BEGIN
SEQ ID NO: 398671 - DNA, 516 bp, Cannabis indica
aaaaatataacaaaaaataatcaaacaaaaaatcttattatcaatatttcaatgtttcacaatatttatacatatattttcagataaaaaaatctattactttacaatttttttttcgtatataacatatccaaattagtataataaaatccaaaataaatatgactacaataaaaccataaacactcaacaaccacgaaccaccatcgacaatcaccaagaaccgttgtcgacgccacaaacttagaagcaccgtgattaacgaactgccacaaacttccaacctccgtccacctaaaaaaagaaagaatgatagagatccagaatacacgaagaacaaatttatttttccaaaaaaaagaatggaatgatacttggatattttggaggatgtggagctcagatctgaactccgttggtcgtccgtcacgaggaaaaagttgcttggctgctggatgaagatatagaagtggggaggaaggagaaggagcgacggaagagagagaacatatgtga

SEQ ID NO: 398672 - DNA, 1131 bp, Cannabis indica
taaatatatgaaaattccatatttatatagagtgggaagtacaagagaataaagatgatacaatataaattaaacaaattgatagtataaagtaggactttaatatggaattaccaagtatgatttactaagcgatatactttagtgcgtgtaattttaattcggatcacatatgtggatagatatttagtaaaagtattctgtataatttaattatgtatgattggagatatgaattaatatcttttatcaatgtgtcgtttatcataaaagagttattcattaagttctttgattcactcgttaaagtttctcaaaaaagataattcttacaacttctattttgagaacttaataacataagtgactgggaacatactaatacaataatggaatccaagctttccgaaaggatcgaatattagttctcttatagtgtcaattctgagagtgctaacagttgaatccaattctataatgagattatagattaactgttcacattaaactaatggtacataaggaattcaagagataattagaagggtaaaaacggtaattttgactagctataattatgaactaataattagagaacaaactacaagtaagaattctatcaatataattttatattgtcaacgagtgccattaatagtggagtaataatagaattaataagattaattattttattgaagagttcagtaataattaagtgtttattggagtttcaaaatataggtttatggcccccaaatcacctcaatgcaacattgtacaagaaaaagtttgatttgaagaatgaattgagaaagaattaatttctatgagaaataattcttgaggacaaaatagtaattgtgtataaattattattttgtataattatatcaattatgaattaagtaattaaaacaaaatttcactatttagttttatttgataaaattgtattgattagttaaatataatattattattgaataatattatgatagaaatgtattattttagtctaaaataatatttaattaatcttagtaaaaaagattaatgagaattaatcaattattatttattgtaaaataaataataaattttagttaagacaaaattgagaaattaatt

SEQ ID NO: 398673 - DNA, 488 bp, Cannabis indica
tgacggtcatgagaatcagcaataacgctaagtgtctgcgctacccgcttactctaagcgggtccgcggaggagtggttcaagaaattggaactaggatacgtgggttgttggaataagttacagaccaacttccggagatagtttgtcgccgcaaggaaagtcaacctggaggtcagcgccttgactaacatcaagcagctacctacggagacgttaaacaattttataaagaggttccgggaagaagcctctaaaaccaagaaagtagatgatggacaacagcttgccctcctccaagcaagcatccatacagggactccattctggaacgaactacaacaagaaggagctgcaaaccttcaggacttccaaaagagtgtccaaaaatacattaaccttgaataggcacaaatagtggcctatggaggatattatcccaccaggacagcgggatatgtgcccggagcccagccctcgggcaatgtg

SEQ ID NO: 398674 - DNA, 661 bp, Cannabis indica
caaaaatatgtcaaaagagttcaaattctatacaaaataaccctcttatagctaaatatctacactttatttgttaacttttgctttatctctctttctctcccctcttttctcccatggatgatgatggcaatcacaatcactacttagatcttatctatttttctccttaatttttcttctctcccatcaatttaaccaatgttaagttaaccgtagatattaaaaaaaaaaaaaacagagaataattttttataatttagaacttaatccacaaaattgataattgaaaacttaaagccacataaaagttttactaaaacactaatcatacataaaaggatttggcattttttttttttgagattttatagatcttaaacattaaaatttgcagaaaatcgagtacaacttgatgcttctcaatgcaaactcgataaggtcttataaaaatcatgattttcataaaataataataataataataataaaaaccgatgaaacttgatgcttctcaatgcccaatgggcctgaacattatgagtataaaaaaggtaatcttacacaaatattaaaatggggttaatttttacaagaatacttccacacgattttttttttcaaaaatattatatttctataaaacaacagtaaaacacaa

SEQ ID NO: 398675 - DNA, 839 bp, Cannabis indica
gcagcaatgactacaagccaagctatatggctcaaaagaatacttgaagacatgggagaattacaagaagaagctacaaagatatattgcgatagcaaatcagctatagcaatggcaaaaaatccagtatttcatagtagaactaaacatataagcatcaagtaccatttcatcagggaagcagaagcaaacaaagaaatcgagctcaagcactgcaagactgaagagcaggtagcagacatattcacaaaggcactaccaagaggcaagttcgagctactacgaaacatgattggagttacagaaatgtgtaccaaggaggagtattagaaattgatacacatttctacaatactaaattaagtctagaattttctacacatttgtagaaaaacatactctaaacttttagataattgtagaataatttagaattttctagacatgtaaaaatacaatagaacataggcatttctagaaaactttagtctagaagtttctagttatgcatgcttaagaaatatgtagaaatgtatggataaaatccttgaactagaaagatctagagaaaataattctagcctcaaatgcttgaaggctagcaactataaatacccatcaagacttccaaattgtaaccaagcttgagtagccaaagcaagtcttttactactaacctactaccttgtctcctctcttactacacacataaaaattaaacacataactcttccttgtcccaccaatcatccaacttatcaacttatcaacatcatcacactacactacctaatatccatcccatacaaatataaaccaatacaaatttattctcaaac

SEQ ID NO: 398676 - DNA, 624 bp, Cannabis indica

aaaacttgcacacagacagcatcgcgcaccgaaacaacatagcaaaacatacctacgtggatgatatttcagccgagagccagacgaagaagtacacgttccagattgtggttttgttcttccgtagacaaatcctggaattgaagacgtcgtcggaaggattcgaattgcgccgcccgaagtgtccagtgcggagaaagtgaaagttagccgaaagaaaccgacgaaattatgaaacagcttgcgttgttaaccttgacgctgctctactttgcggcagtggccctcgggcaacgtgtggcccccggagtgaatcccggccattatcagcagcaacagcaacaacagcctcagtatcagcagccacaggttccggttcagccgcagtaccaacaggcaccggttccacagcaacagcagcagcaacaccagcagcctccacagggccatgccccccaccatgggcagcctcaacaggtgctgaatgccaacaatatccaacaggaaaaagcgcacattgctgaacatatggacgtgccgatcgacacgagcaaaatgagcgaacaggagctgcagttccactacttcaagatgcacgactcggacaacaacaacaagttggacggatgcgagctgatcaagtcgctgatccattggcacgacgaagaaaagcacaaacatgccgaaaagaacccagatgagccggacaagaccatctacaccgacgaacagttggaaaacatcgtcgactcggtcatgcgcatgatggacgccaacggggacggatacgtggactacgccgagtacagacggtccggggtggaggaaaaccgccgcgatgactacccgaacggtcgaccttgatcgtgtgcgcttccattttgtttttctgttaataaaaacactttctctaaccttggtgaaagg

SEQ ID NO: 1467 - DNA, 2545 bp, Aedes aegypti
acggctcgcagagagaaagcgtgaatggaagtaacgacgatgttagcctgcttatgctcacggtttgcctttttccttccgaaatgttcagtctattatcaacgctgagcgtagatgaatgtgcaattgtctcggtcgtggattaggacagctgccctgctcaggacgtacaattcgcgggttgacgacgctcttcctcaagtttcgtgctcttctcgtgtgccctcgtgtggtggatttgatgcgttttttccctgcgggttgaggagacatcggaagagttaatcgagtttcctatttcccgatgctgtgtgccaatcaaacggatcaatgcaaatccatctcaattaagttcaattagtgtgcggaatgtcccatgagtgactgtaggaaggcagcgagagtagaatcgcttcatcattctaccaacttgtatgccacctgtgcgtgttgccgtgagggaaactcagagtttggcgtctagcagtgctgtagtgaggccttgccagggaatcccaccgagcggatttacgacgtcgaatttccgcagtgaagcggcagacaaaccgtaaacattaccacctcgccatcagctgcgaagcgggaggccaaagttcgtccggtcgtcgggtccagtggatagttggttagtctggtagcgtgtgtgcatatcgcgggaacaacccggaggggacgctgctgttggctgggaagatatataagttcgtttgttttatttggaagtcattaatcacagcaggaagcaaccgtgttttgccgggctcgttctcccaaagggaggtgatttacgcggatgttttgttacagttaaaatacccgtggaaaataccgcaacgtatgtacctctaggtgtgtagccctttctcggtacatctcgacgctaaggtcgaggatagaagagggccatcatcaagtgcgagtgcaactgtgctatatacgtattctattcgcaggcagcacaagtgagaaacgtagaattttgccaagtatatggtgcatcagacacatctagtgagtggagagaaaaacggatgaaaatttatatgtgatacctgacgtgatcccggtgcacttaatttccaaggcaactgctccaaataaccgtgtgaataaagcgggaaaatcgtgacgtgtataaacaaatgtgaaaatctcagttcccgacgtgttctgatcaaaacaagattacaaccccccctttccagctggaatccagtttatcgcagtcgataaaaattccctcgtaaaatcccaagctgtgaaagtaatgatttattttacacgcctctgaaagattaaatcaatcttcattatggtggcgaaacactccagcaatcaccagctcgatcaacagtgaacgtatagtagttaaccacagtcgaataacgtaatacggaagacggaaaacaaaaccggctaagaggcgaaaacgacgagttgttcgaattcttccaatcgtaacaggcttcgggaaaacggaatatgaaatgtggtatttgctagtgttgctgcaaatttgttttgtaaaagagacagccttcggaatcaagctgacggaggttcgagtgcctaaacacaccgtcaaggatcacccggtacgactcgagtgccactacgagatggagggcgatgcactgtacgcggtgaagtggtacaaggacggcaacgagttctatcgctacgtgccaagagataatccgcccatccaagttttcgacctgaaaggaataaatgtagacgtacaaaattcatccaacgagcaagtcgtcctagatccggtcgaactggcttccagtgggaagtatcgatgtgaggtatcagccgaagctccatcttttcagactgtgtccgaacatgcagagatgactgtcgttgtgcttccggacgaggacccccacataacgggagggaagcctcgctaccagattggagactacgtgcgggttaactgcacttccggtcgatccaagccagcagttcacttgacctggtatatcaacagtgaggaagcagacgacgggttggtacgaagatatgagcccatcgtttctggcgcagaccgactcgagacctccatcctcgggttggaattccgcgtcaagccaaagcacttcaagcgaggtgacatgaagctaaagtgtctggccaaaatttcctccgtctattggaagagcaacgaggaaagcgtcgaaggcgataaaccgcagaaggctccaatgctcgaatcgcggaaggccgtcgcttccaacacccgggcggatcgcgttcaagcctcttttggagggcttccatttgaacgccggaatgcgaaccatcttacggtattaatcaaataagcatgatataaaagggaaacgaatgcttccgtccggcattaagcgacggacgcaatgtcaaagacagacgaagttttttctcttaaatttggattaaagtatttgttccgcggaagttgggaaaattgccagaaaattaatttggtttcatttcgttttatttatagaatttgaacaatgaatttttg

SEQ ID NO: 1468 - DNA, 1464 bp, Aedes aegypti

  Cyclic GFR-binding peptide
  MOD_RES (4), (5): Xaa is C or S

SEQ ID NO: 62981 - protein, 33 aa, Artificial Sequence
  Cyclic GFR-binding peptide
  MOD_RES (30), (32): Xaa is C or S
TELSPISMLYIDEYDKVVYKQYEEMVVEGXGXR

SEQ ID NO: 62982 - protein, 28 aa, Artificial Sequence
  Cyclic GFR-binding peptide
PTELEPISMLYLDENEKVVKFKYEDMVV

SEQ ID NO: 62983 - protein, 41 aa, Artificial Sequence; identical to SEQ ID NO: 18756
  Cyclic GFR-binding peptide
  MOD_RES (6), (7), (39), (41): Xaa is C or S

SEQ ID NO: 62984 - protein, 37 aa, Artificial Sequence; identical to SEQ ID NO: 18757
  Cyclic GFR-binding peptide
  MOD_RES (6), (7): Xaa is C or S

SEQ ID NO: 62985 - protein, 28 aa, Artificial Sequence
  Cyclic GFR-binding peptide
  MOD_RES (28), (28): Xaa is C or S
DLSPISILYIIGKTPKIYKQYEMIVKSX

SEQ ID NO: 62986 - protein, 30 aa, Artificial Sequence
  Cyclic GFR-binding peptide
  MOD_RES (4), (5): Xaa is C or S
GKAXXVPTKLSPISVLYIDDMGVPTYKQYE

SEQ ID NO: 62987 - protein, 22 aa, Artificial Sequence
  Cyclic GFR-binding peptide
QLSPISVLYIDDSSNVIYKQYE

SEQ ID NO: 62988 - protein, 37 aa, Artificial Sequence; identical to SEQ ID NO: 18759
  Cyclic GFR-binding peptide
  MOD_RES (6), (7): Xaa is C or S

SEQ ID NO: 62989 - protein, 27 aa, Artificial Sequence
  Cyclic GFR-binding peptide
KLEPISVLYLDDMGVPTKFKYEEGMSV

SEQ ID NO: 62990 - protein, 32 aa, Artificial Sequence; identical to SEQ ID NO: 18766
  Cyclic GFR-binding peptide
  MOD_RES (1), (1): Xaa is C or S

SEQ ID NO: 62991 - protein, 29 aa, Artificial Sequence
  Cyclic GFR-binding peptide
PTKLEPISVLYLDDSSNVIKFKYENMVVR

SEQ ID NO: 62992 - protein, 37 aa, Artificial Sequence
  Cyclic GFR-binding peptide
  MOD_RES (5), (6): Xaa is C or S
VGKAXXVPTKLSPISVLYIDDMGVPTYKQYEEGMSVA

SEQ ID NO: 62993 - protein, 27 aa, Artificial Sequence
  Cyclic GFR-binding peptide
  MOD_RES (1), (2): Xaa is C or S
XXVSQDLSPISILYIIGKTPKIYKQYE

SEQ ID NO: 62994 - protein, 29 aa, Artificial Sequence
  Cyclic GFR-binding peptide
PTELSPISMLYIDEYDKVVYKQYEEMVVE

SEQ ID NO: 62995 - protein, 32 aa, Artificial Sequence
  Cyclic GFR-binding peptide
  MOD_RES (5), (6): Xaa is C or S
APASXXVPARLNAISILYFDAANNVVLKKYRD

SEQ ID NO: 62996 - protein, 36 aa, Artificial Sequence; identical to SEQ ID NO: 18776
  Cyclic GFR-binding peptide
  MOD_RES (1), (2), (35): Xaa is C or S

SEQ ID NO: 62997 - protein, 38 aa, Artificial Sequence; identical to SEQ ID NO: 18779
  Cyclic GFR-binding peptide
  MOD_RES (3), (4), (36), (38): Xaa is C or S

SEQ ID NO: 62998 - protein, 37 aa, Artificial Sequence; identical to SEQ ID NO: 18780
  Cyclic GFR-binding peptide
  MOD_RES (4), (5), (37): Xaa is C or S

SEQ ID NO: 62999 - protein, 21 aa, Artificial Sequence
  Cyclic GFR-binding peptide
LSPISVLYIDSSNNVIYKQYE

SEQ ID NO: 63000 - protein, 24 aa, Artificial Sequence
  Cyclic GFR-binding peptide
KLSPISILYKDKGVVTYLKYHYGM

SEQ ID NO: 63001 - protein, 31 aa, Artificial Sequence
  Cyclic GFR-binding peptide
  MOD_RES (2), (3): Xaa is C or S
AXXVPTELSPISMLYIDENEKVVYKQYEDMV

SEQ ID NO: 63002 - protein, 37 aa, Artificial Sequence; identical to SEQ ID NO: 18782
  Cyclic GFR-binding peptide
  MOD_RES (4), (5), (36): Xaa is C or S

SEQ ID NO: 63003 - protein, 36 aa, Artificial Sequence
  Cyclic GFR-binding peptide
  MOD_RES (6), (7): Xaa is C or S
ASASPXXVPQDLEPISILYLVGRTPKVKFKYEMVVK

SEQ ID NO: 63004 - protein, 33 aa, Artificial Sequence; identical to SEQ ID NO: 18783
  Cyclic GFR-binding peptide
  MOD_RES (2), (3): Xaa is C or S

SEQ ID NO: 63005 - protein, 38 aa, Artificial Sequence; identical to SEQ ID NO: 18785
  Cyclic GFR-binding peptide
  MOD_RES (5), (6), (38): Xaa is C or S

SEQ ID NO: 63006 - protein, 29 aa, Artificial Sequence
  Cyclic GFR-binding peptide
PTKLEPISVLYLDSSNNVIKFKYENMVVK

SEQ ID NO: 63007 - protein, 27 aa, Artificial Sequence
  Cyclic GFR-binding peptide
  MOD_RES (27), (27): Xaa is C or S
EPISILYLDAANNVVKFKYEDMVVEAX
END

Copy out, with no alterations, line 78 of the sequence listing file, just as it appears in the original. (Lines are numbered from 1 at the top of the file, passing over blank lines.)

SEQ ID NO: 62999 - protein, 21 aa, Artificial Sequence